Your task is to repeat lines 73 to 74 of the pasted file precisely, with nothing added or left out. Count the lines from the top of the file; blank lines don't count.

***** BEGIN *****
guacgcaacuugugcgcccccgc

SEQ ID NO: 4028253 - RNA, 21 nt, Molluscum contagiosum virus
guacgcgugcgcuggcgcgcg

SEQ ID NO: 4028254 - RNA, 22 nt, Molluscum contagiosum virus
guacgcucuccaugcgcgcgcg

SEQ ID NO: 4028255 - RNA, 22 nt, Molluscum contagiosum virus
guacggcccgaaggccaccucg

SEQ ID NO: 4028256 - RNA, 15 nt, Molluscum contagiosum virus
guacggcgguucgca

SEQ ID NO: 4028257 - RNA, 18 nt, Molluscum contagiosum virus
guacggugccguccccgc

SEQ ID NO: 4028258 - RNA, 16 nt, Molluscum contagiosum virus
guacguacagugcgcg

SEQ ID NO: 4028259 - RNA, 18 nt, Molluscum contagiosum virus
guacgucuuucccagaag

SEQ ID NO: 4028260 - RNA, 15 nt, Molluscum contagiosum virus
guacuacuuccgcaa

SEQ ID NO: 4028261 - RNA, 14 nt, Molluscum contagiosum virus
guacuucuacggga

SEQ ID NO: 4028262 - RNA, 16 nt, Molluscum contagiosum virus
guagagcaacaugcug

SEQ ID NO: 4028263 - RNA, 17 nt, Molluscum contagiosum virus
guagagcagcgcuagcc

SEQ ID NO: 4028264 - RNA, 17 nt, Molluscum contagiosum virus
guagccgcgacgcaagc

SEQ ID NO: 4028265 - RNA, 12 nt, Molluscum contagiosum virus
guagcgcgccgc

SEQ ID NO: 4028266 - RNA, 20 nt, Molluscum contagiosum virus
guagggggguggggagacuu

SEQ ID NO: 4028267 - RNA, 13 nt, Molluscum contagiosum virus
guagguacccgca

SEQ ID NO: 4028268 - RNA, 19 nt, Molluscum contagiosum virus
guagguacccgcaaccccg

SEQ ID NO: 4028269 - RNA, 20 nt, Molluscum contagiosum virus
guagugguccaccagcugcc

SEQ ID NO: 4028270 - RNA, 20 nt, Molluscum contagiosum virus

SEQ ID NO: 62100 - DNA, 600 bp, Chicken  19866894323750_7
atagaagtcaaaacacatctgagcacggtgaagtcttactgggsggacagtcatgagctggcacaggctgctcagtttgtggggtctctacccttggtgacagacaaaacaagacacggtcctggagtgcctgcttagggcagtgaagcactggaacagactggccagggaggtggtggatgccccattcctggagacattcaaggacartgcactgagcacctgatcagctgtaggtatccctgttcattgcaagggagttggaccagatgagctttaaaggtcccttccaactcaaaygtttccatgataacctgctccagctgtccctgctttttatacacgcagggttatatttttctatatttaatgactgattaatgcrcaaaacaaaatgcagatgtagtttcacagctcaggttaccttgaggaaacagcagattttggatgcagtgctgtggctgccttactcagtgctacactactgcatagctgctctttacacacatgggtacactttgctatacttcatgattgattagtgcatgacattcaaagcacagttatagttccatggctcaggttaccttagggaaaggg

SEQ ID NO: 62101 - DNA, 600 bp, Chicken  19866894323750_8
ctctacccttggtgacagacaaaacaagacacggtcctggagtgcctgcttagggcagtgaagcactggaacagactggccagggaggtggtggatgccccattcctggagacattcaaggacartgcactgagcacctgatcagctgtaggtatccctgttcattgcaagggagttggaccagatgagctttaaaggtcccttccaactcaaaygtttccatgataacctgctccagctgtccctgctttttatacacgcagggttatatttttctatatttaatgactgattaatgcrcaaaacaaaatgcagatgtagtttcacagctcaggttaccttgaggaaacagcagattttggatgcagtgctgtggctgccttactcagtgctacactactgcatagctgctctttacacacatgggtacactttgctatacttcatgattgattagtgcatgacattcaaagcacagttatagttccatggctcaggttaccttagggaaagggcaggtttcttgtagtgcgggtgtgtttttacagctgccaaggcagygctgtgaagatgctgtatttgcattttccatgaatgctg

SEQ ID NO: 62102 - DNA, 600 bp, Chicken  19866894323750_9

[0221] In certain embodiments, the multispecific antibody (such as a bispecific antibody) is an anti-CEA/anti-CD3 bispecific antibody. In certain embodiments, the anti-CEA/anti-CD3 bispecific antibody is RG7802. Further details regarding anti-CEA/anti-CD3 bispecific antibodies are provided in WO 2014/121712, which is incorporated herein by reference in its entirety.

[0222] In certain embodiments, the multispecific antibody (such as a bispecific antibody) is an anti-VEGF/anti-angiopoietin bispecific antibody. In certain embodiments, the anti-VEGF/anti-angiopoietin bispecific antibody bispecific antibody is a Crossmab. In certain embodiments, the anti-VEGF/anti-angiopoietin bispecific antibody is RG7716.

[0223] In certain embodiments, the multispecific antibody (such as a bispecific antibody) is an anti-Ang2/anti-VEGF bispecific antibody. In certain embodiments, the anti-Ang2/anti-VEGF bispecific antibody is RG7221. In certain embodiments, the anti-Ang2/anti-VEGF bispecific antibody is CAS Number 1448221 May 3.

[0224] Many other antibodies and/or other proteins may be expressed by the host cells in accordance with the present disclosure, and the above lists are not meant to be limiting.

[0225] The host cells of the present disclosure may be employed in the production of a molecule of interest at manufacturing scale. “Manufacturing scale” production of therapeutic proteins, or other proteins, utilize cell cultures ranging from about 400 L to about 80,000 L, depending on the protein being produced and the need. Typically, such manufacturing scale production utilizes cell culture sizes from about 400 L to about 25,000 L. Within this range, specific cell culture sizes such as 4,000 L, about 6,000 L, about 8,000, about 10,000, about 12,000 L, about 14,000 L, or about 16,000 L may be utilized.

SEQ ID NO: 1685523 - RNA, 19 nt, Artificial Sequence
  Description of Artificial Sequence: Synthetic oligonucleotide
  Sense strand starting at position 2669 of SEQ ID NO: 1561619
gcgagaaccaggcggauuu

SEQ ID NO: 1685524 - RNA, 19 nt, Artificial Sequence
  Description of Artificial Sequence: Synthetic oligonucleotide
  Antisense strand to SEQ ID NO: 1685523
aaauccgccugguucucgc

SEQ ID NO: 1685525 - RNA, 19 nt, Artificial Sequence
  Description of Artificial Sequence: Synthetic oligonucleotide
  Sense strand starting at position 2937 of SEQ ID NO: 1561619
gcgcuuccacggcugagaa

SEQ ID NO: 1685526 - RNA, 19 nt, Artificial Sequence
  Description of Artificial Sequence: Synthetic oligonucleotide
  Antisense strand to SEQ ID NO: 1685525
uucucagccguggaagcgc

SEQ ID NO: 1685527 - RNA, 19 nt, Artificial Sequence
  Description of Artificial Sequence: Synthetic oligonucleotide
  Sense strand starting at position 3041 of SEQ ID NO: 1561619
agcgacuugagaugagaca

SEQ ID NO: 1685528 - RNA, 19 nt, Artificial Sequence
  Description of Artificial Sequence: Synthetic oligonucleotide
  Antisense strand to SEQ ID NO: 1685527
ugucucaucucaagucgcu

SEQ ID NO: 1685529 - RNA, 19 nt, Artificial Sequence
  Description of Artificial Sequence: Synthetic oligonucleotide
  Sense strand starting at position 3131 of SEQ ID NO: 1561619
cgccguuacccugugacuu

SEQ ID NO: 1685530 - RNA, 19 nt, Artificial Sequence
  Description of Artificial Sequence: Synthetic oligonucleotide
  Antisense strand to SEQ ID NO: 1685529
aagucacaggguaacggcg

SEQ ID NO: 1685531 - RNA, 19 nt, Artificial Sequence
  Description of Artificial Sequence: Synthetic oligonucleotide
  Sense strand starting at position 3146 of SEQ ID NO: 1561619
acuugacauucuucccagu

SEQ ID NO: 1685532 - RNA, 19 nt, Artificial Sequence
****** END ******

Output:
  Sense strand starting at position 3131 of SEQ ID NO: 1561619
cgccguuacccugugacuu